Ambition Revisited

“Our minds are susceptible to the influence of external voices telling us what we require to be satisfied, voices that may drown out the faint sounds emitted by our souls and distract us from the careful, arduous task of accurately naming our priorities.”
― Alain de Botton, Status Anxiety

It is difficult to encapsulate the past four years of one’s life in a single column. In searching for the right subject, I found myself reading columns my sister wrote when she was a senior working on The Spectator as a managing editor. One piece that stood out to me revolved around the word “ambiguous,” she titled it, “Ambiguity is Ambiguous”. This 1019 word masterpiece explained how she grappled with the word, described how her understanding of it changed over time, and, like any 12th grade English course will teach, ended with a meaningful set of implications. In typical little brother fashion, I will attempt to “copy and paste” her column onto the 2021 Senior Issue, but, instead of “ambiguous,” choose a word that has significance to me.
If you know my dad, you have either witnessed him walking laps around Huntington Woods with his face buried in his iPad, or had an in-depth conversation with him during which he used incomprehensible vocabulary. As a middle schooler, one of the many “perplexing” words that he frequently would mention was “ambition.” As I reminisce about chats with Dad, I cannot remember why he always talked about ambition. Yet, I can recall the meaning slipping through my grasp every time I heard it. But as time went on, the definition began to click.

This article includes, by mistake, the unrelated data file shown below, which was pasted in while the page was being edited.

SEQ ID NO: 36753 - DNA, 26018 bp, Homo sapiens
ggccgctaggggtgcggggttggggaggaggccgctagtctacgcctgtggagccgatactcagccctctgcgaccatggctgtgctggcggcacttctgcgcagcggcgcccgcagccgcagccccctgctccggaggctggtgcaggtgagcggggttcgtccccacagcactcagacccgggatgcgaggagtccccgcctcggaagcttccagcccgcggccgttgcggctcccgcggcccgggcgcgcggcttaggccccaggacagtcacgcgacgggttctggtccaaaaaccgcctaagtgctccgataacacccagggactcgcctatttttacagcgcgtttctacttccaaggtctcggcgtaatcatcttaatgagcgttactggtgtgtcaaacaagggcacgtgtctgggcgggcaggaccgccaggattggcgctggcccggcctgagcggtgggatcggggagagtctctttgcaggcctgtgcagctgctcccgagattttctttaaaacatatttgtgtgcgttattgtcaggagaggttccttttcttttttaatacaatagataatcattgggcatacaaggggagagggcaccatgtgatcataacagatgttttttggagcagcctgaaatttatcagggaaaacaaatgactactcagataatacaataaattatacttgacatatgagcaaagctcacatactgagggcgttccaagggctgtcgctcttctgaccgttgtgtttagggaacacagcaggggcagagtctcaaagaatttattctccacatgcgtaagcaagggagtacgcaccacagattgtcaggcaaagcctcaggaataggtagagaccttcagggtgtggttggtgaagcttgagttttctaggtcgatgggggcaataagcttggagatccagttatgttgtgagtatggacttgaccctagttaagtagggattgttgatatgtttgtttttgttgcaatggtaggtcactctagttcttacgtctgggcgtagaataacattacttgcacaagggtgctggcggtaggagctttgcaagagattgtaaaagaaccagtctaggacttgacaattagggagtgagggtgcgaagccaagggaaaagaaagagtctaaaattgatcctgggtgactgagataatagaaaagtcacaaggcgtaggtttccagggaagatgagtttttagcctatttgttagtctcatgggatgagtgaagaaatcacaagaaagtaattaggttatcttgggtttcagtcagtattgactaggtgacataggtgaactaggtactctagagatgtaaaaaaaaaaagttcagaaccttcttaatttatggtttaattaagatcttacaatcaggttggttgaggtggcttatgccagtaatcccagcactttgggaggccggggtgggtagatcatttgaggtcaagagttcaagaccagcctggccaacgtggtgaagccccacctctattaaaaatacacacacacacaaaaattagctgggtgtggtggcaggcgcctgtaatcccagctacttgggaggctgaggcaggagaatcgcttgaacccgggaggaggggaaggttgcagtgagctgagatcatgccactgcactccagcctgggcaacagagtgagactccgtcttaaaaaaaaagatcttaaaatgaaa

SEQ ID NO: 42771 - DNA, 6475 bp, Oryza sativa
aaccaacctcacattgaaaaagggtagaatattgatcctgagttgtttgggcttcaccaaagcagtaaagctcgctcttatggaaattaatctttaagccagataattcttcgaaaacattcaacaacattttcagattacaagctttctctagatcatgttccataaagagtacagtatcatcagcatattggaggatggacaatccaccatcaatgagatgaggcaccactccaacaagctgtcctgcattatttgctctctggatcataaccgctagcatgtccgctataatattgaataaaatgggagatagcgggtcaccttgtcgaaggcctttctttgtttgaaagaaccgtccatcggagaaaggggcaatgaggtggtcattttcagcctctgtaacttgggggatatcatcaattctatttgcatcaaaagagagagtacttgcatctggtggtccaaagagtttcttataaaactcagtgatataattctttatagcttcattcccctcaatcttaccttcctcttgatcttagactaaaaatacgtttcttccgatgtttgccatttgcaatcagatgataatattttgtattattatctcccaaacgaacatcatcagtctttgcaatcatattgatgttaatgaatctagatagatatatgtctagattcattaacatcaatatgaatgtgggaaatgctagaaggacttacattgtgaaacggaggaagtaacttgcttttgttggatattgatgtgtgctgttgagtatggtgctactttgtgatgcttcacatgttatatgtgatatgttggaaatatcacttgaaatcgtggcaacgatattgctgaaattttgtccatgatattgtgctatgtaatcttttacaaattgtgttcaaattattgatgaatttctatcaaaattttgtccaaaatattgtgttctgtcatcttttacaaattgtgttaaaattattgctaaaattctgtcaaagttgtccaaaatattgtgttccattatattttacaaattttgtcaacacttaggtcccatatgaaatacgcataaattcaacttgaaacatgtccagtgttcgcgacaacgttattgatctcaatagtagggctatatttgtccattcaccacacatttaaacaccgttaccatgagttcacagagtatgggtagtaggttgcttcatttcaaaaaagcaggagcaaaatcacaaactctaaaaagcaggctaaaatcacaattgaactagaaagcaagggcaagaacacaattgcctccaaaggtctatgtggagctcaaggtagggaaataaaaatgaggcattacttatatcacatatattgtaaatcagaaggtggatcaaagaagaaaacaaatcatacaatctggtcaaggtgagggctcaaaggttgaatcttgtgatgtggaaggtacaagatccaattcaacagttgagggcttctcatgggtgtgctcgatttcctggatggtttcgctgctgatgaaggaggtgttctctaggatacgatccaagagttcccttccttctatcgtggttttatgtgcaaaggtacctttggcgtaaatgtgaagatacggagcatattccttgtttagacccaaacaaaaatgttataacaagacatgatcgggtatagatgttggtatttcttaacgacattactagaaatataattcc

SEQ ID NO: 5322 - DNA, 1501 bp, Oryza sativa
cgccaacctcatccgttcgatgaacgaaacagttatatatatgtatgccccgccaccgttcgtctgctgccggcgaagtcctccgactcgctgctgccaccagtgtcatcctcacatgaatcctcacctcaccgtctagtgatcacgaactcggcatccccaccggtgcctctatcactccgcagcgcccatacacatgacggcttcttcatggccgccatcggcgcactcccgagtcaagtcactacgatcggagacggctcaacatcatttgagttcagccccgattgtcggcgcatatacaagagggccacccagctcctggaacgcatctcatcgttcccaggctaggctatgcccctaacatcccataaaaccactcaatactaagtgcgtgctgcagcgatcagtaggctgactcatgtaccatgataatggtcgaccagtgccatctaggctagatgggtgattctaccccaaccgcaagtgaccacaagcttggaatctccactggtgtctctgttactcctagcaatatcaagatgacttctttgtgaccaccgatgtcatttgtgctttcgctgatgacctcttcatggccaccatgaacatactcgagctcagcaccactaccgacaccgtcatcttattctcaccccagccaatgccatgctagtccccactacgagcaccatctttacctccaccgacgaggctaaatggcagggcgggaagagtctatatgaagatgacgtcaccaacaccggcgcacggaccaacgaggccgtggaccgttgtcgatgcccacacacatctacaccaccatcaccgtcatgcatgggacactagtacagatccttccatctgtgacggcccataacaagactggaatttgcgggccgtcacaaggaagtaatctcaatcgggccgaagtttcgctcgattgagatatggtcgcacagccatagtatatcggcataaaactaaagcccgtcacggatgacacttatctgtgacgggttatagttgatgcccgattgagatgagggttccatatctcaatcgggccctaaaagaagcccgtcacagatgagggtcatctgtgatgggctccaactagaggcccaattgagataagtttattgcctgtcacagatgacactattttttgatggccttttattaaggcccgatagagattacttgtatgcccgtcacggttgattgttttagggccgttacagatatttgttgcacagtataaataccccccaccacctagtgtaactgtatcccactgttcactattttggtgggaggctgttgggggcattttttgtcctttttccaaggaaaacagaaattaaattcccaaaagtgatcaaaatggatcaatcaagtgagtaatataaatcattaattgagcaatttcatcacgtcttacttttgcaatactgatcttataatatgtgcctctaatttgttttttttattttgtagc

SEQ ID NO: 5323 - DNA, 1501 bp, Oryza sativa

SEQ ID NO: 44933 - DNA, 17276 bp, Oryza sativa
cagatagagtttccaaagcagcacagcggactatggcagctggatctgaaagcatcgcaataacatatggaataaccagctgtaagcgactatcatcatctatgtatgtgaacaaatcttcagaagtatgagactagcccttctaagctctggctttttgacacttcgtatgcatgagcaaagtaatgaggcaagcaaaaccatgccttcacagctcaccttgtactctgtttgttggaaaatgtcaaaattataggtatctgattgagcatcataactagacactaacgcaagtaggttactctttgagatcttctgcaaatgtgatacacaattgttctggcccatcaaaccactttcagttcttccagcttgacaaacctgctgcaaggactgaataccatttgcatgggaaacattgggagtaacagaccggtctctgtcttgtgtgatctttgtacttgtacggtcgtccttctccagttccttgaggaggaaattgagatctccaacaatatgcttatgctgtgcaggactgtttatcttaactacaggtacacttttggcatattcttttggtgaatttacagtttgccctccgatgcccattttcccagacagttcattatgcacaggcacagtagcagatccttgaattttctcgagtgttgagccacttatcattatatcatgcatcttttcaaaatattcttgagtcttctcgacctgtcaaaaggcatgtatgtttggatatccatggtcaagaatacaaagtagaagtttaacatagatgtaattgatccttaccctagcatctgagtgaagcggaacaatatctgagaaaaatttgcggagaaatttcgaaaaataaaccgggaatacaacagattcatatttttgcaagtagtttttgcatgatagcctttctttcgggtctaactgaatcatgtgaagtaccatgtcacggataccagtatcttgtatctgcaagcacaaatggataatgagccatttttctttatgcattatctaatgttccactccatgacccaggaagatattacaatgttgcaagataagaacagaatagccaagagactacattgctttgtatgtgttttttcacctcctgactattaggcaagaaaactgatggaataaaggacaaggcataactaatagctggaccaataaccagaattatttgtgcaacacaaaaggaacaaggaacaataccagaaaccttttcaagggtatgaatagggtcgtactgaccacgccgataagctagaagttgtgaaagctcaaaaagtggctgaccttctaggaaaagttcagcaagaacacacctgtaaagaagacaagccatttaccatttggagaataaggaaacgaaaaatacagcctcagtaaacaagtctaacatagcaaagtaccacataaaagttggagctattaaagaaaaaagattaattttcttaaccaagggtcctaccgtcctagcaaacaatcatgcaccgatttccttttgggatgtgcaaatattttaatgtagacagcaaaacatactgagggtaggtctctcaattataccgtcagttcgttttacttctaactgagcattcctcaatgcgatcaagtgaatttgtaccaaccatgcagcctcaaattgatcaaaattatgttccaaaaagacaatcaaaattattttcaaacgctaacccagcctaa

I thought I heard him say, “Ambition is striving for success. It is reveling in achievement. It is coveting awards. It is wanting to be known for being the best.” This is what was on my mind when I looked ahead at what seemed to be a daunting uphill battle: high school. So, I set goals for myself, ones we all see as markers of success: achieving straight A’s, having extracurriculars that make your resume pop, acing the ACT, and ultimately getting into a prestigious college. I put an immense amount of pressure on myself: doing homework on Saturday nights, cramming for tests even though I had already studied hours prior, and making sure I was just as exceptional outside of the classroom as I was inside. When I received a good score or an A in a class, I was not ecstatic, but merely content. On the flip side, whenever I did not meet my expectations, I was devastated. Living without emotional highs is an unfortunate way to exist for four years of one’s life. But weren’t the costs of my ambition all worth it so long as I got into a top school?
My understanding of ambition did a full 180 when I went back to my dad this year and asked, “What did you mean when you talked about ambition?” His heartfelt, carefully articulated response left me in awe. He explained that his understanding of ambition is not hunger for success, conventionally defined: Ferraris, mansions, promotions, or in my case, admission to prestigious schools. Rather, it is the passionate pursuit for what uplifts you: surrounding yourself with people you care about, partaking in activities that are fulfilling, and putting yourself in stimulating settings. If you do these things, my dad said, you will achieve a happiness that is self-sustaining. And that happiness is the foundation upon which careers, families, and reputations are built.